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  • A U.S. Marine uses a radio during a field exercise on the Japanese island of Okinawa. New mobile technologies emerging from industry will be essential for the U.S. military to maintain battlespace supremacy, and the Defense Information Systems Agency (DISA) is striving to incorporate them into the force.
     A U.S. Marine uses a radio during a field exercise on the Japanese island of Okinawa. New mobile technologies emerging from industry will be essential for the U.S. military to maintain battlespace supremacy, and the Defense Information Systems Agency (DISA) is striving to incorporate them into the force.
  • Vice Adm. Nancy A. Norton, USN, is the DISA director and commander of the Joint Force Headquarters-Department of Defense Information Network (JFHQ-DODIN).
     Vice Adm. Nancy A. Norton, USN, is the DISA director and commander of the Joint Force Headquarters-Department of Defense Information Network (JFHQ-DODIN).
  • Two U.S. Navy sailors stand watch over systems at the Navy’s Fleet Cyber Command. Congress has granted a new Cyber Excepted Service hiring practice that benefits DISA in its efforts to improve cybersecurity across the Defense Department.
     Two U.S. Navy sailors stand watch over systems at the Navy’s Fleet Cyber Command. Congress has granted a new Cyber Excepted Service hiring practice that benefits DISA in its efforts to improve cybersecurity across the Defense Department.

DISA Strives to Exploit the Pace of Change

The Cyber Edge
May 1, 2018
By Robert K. Ackerman
E-mail About the Author

New technologies are affecting the information agency both positively and negatively.


Being able to pace technology is the top challenge facing the Defense Information Systems Agency, according to its director. This activity encompasses both positive pacing, in which the agency takes the lead in incorporating innovative capabilities, and negative pacing, where it responds to the constantly evolving technology-based threat.

Industry plays a significant role in both aspects of pacing. The private sector serves as the font of innovation for new information capabilities sought by agency customers. Similarly, industry must be the primary source of related technologies that help counter the growing threat posed by nation-state and independent adversaries.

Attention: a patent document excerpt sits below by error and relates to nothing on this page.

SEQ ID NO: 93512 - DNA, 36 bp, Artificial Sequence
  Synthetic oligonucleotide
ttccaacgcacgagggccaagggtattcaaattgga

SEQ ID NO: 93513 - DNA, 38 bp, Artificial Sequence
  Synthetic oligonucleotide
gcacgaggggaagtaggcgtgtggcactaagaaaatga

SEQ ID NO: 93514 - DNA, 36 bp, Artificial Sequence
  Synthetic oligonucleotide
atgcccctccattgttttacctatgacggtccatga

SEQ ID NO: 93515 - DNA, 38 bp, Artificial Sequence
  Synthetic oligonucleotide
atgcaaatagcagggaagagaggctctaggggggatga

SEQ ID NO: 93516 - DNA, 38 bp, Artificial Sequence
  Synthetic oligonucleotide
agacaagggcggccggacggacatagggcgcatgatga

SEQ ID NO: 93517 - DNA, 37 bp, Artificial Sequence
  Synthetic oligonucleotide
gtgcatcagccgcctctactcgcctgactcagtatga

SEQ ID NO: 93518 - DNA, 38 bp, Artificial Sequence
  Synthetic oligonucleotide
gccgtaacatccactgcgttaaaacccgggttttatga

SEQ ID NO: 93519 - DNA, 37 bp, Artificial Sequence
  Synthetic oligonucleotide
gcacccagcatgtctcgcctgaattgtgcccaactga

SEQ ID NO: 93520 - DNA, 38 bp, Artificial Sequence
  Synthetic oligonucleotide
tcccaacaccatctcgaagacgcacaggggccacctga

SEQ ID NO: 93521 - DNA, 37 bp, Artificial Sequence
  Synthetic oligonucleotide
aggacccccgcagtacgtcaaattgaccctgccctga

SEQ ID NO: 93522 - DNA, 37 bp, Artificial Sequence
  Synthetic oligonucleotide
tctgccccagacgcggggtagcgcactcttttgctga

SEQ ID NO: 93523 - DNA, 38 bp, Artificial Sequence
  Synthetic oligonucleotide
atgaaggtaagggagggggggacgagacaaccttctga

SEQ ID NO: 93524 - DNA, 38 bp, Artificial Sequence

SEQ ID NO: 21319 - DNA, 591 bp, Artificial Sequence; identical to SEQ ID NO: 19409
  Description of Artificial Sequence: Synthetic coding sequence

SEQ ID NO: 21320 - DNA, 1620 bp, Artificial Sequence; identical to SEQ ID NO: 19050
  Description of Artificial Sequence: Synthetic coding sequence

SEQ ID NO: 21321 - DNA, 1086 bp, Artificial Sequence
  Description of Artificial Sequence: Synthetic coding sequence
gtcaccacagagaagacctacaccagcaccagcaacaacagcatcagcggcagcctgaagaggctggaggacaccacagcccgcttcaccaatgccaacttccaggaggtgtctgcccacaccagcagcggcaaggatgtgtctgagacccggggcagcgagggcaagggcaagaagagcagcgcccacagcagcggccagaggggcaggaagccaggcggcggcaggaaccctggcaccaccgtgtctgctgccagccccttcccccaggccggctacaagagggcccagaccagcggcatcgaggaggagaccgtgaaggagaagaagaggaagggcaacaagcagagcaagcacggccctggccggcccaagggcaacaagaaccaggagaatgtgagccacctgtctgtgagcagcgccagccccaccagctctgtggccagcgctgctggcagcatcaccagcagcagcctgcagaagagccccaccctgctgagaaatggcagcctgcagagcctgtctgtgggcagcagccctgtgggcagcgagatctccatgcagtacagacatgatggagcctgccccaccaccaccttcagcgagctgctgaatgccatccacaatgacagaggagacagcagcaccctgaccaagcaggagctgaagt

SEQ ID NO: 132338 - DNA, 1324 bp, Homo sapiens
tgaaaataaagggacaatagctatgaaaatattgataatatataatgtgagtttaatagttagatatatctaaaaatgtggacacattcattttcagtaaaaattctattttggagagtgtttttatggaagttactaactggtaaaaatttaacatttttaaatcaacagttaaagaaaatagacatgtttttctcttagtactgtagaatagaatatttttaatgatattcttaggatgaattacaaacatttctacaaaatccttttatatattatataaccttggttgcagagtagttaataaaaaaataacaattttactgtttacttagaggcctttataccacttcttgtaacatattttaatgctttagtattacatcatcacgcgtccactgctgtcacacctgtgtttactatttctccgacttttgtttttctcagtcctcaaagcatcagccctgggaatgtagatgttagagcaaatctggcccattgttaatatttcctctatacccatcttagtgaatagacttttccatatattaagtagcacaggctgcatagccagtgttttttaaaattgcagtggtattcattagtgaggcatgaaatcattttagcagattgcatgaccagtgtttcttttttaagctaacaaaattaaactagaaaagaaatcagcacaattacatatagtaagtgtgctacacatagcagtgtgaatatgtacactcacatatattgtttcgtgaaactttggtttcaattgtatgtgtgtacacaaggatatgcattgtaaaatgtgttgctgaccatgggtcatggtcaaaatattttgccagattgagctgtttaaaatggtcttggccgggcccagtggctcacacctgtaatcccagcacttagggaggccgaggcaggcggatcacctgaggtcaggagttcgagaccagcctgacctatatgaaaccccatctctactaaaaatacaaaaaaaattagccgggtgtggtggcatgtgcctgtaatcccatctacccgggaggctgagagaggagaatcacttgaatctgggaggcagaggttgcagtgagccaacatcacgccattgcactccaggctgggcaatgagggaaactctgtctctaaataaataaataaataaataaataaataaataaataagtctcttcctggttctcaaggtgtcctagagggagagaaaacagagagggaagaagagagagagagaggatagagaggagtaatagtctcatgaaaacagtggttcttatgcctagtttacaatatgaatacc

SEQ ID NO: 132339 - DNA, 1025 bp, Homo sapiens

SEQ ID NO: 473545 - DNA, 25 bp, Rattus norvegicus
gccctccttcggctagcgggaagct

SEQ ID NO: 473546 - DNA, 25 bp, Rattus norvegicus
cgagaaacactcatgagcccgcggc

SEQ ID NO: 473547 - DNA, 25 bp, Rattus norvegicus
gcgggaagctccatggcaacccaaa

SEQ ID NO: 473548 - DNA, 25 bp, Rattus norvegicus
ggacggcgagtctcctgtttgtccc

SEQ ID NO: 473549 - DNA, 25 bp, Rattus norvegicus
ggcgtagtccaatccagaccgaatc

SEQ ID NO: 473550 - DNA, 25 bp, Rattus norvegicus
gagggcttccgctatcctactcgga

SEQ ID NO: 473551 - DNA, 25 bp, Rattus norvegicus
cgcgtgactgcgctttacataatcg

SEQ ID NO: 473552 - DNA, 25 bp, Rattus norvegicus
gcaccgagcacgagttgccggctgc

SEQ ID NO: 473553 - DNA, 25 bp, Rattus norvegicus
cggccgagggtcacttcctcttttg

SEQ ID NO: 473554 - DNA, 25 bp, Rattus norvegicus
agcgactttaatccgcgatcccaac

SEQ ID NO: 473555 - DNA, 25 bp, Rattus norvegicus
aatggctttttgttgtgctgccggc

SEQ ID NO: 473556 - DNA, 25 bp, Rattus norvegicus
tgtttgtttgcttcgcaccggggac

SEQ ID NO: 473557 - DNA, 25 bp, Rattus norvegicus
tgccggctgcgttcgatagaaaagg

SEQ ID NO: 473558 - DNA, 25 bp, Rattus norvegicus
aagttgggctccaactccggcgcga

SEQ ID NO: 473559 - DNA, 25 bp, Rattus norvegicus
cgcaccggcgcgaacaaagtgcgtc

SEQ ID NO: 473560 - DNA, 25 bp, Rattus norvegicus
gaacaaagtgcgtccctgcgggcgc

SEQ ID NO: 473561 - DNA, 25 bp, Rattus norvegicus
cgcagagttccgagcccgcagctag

Vice Adm. Nancy A. Norton, USN, is the Defense Information Systems Agency (DISA) director and commander of the Joint Force Headquarters-Department of Defense Information Network (JFHQ-DODIN). She points out that the commercial world often creates new systems that generate new demand from warfighters. “Things we never thought of needing before become a reality because [they] are available in the commercial world, and we can see their applications,” the admiral relates. Working with commercial industry, along with pursuing developments in-house and across the U.S. Defense Department, is at the heart of DISA implementing new capabilities for ease of operations and security, she adds.

As the agency moves more data to the cloud, partnerships with commercial vendors proliferate. DISA recently released its milCloud 2.0 contract, and it will be moving much of its mission partner data to that cloud. Service from CSRA in government facilities gives the agency a hybrid model for security, oversight and evaluation, with best pricing that allows scaling based on need, the admiral offers, adding that other models similar to this one may appear in the future.

DISA has a wish list of technologies and capabilities it wants from industry. Mobility tops the list, and Adm. Norton says she needs industry to help with it. This capability is a high priority for the Defense Department, with warfighters requiring communications and networking in new and different areas of the world—many of which have lacked a U.S. military presence. “These mobile solutions must be more robust and capable than they have been in the past,” she offers. “We’re not talking about just a cellphone kind of thing. We want to have … video down to a tablet for watching ISR [intelligence, surveillance and reconnaissance] data in the field. That’s very different.”